Aspen Journalism is compiling a data dashboard highlighting metrics of local public interest, updated at least every Tuesday. Check back for updates as we add more features.

Snowpack at Independence Pass is approximately 80% of average for this time of year

SNOTEL sites that monitor snowfall throughout the winter show the snowpack at Independence Pass at 79.7% of average on Nov. 28 with a “snow water equivalent” (SWE) of 3.11 inches. Last year on the same date, the SNOTEL station up the pass recorded an SWE of 3.19 inches.

Snow water equivalent — the metric used to track snowpack — is the amount of water contained within the snowpack, which will become our future water supply running in local rivers and streams.

The monitoring station at McClure Pass recorded an SWE of less than one inch, or 33.5% of average, on Nov. 28. Last year, on that same day, the station measured a snowpack holding 1.81 inches of water, or 67.1% of average.

On the other side of the Roaring Fork Basin, snowpack at Ivanhoe contains more water than the 1991-2020 average with 4.09 inches on Nov. 28, compared to an average of 3.4 inches.

According to the Roaring Fork Conservancy’s snowpack report of Nov. 24, snowpack in the Roaring Fork Watershed is 80% of average for this time of the year.

Local streams flowing close to last year’s rates

The USGS gauge on the Roaring Fork near Aspen at Stillwater, located upstream of town, measured streamflow at 16.3 cfs on Nov. 28, which represents 54.3% of average. A week before, the river was flowing at 17.4 cfs. On Nov. 28, 2020, the river ran at 12.2 cfs.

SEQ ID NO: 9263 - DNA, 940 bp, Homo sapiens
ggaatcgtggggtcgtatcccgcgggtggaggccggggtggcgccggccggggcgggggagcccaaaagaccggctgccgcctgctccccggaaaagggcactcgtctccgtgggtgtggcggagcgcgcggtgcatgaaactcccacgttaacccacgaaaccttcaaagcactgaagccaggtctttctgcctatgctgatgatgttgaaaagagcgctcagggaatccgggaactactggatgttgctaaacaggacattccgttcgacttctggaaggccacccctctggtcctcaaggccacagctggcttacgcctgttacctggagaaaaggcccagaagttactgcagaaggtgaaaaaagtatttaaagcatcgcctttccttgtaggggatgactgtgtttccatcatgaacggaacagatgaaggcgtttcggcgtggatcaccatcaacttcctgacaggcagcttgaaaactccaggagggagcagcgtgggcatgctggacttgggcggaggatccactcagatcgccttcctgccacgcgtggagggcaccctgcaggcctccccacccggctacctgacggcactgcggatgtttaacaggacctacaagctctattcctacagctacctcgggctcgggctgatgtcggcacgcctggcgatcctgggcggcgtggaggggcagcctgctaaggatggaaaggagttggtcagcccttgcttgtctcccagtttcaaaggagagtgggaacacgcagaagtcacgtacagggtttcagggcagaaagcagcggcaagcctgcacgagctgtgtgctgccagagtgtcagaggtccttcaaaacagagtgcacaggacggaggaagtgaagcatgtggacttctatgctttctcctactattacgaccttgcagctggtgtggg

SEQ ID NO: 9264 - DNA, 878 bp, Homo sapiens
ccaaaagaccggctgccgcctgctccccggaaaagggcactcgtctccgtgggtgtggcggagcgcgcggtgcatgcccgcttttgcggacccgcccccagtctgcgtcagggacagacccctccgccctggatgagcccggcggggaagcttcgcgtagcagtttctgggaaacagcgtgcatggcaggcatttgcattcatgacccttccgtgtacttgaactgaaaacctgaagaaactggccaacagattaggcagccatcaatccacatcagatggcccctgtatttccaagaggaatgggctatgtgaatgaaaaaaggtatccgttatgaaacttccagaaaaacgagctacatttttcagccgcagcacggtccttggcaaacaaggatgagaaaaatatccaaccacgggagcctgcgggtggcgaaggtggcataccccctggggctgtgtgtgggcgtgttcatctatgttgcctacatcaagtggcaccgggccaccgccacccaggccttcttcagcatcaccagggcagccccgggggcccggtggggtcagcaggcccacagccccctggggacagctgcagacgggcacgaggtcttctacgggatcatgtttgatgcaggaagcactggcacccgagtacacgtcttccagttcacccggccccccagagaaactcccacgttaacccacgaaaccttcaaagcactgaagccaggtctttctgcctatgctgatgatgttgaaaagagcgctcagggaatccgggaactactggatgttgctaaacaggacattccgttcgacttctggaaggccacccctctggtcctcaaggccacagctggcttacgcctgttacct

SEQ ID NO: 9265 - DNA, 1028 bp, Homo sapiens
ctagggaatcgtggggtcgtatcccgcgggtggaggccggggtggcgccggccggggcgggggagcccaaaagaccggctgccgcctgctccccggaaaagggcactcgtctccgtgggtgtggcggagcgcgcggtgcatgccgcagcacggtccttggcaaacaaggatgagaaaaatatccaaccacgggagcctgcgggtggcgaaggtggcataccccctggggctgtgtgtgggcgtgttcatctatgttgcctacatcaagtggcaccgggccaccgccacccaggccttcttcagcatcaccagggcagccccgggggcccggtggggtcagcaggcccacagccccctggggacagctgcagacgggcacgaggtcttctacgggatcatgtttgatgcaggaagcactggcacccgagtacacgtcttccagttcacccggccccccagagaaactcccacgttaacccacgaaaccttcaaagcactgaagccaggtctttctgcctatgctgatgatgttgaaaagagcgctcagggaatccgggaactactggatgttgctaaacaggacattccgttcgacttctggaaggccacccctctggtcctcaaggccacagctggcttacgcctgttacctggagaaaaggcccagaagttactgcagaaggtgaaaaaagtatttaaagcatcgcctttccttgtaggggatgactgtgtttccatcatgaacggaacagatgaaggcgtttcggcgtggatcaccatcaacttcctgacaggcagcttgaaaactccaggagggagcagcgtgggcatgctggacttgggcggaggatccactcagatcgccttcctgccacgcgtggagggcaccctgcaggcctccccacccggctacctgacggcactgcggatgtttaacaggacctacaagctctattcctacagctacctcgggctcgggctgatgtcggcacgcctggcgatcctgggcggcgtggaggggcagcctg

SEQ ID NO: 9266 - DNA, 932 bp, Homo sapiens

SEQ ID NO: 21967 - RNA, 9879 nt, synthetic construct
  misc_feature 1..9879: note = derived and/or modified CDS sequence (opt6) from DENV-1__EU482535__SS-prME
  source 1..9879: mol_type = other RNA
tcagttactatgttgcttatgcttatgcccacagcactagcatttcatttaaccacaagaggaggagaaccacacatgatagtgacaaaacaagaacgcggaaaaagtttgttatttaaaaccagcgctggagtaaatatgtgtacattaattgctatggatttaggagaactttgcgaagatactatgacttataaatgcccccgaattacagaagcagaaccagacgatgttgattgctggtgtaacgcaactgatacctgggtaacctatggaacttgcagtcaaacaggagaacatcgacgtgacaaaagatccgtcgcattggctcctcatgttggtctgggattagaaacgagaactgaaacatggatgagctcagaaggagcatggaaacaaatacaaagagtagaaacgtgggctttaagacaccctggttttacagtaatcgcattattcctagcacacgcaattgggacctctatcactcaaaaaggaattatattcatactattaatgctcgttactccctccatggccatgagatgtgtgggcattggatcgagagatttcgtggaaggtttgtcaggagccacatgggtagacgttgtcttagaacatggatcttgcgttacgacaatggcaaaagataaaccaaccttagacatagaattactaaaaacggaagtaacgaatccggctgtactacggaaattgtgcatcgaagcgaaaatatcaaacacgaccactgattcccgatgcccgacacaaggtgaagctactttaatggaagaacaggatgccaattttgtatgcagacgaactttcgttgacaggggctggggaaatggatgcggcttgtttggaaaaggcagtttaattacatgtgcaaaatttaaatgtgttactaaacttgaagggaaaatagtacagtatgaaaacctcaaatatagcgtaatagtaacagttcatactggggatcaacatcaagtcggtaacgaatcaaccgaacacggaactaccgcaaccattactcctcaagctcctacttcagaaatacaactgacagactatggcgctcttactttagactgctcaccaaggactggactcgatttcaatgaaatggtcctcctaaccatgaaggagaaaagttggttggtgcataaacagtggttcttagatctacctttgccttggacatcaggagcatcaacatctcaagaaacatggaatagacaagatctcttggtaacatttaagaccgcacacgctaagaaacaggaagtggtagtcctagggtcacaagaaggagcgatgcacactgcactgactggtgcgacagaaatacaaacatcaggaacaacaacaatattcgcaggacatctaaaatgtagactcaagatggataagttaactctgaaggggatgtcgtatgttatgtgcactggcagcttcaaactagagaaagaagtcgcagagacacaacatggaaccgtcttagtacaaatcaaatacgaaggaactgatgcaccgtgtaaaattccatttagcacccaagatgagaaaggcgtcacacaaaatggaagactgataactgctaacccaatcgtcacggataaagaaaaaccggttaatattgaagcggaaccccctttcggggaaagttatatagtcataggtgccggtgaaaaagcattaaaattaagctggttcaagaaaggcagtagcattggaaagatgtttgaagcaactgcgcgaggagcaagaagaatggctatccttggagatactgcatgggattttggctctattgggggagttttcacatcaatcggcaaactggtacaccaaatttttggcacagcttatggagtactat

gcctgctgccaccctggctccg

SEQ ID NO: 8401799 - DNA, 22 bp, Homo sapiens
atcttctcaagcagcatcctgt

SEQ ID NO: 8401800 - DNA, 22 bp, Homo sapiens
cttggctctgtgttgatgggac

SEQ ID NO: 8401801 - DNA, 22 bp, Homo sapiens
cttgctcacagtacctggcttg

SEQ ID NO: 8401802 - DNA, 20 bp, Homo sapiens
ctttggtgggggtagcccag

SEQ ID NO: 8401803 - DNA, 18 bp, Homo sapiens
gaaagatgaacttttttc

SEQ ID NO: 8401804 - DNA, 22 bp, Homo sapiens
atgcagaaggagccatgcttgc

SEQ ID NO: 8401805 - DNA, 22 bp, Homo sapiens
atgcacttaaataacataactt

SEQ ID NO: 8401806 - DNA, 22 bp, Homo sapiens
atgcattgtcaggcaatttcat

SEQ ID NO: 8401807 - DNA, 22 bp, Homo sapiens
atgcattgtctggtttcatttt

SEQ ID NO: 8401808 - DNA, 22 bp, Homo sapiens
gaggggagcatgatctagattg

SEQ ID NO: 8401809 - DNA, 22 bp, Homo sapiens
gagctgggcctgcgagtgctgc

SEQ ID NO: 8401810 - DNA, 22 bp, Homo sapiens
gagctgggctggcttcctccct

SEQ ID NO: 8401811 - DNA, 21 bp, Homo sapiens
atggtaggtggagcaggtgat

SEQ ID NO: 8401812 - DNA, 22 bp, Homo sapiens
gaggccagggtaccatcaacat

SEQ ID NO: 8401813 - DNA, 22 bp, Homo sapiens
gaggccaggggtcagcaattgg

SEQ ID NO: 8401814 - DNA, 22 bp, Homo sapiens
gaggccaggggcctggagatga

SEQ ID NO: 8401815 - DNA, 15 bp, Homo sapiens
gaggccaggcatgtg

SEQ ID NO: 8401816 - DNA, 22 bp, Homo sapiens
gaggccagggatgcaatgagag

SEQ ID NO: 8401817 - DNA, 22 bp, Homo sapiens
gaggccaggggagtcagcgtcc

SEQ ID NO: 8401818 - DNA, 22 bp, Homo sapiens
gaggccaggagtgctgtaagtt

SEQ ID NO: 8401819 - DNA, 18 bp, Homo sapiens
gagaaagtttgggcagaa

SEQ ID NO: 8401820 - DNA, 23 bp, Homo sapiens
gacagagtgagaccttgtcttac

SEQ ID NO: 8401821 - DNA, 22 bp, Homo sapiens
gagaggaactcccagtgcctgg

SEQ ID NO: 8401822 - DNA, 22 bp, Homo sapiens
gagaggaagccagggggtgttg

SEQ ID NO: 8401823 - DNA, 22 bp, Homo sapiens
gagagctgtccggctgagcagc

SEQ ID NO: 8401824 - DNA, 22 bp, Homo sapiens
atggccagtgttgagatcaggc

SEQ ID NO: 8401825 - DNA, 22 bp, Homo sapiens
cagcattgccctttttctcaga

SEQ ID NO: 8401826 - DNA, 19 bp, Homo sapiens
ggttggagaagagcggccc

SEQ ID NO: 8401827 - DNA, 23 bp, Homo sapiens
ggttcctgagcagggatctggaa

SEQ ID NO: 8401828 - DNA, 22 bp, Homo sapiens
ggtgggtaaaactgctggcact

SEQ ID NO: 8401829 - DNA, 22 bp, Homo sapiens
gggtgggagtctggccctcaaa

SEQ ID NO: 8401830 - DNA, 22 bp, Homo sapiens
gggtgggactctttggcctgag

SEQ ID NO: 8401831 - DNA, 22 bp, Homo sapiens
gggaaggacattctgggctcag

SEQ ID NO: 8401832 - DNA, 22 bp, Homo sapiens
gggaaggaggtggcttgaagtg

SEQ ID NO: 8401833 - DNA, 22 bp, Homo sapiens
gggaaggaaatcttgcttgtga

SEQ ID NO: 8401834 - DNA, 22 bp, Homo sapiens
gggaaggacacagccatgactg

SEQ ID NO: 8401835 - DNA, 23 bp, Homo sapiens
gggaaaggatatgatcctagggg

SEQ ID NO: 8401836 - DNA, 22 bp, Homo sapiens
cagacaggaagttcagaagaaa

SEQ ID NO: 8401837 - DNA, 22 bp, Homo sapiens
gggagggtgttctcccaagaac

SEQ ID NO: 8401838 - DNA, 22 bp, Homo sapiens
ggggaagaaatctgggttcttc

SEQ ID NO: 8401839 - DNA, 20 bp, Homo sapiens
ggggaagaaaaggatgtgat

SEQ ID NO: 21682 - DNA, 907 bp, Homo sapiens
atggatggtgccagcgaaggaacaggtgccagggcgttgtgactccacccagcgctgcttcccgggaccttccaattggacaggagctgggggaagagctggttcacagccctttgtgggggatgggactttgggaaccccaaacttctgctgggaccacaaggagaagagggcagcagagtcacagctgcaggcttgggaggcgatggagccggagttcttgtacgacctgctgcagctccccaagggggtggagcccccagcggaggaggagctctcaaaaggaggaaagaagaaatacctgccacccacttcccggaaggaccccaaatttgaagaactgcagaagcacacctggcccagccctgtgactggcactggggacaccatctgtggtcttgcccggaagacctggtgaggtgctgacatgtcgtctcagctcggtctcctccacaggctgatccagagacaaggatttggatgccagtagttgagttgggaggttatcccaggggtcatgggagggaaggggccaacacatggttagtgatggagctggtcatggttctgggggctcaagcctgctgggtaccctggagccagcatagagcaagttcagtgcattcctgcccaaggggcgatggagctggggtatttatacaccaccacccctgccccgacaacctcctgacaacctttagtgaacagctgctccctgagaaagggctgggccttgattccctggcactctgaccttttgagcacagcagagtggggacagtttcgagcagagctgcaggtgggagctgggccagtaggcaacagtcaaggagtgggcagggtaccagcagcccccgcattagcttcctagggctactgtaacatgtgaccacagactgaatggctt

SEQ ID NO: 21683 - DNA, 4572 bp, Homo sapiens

The ACES gauge, located near the Mill Street Bridge in central Aspen, measured the Roaring Fork at an average of 20.08 cfs on Nov. 28, up from 21.23 cfs on Nov. 21. The river ran at 17.3 cfs on that day last year.

The Crystal River above Avalanche Creek, near Redstone, flowed at 62 cfs, or 100.1% of average on Nov. 28, which is down from 65 cfs on Nov. 21. That’s up 72% from the streamflow last year, when the river ran at 36 cfs on Nov. 28, 2020. The Crystal River at the CPW Fish Hatchery bridge ran at 71.7 cfs on Nov. 28. That puts the river below the minimum instream flow set at 100 cfs set by the 1979 water rights decree.

Lake Powell keeps drying up

Lake Powell could potentially fall below minimum power pool in 2022, which is an elevation of 3,490 feet, according to the U.S Bureau of Reclamation. “Should extremely dry hydrology continue into next year, Lake Powell could reach elevation 3,490 feet as early as July 2022,” the press release noted.

Lake Powell‘s storage kept getting lower this past week, reaching its lowest level recorded since it began filling in the 1960s and ’70s on Nov. 28, when the reservoir was 28.9% of full.

Last week, on Nov. 21, the reservoir was 29.08% of full. The reservoir’s capacity has fallen since last year, when on Nov. 28, 2020, the reservoir was 43.74% of full.

The surface elevation of Lake Powell is also in decline and hit a record low on Nov. 28, 2021, when the reservoir’s elevation dropped to 3,542 feet, or 158 feet from full pool. The reservoir has lost seven inches since Nov. 21, when the elevation was at 157.3 feet from full pool. Last year, on Nov. 28, the reservoir reached 3,587.99 feet or 112.01 feet from full pool.

Air temperature in Aspen drops

Last week, Aspen experienced a temperature drop, from a high of 54°F on Nov. 22, which is about 4 degrees above normal, to a high of 36°F on Nov. 24, which is 0.9 degrees below normal. Minimum temperature also decreased from 29°F on Nov. 20 to 15°F on Nov. 24 — the latter being 1.3 degrees above normal.

‘Good’ air quality reported last week in Aspen

The air quality in Aspen was “good” this past week. The AQI index for ozone ranged from 33 on Nov. 26 to 40 on Nov. 25 and 28.

Laurine Lassalle is Aspen Journalism’s data desk editor, where she works to catalogue and analyze local public data. She also heads our our “Tracking the Curve” project, documenting COVID-19 in Pitkin,...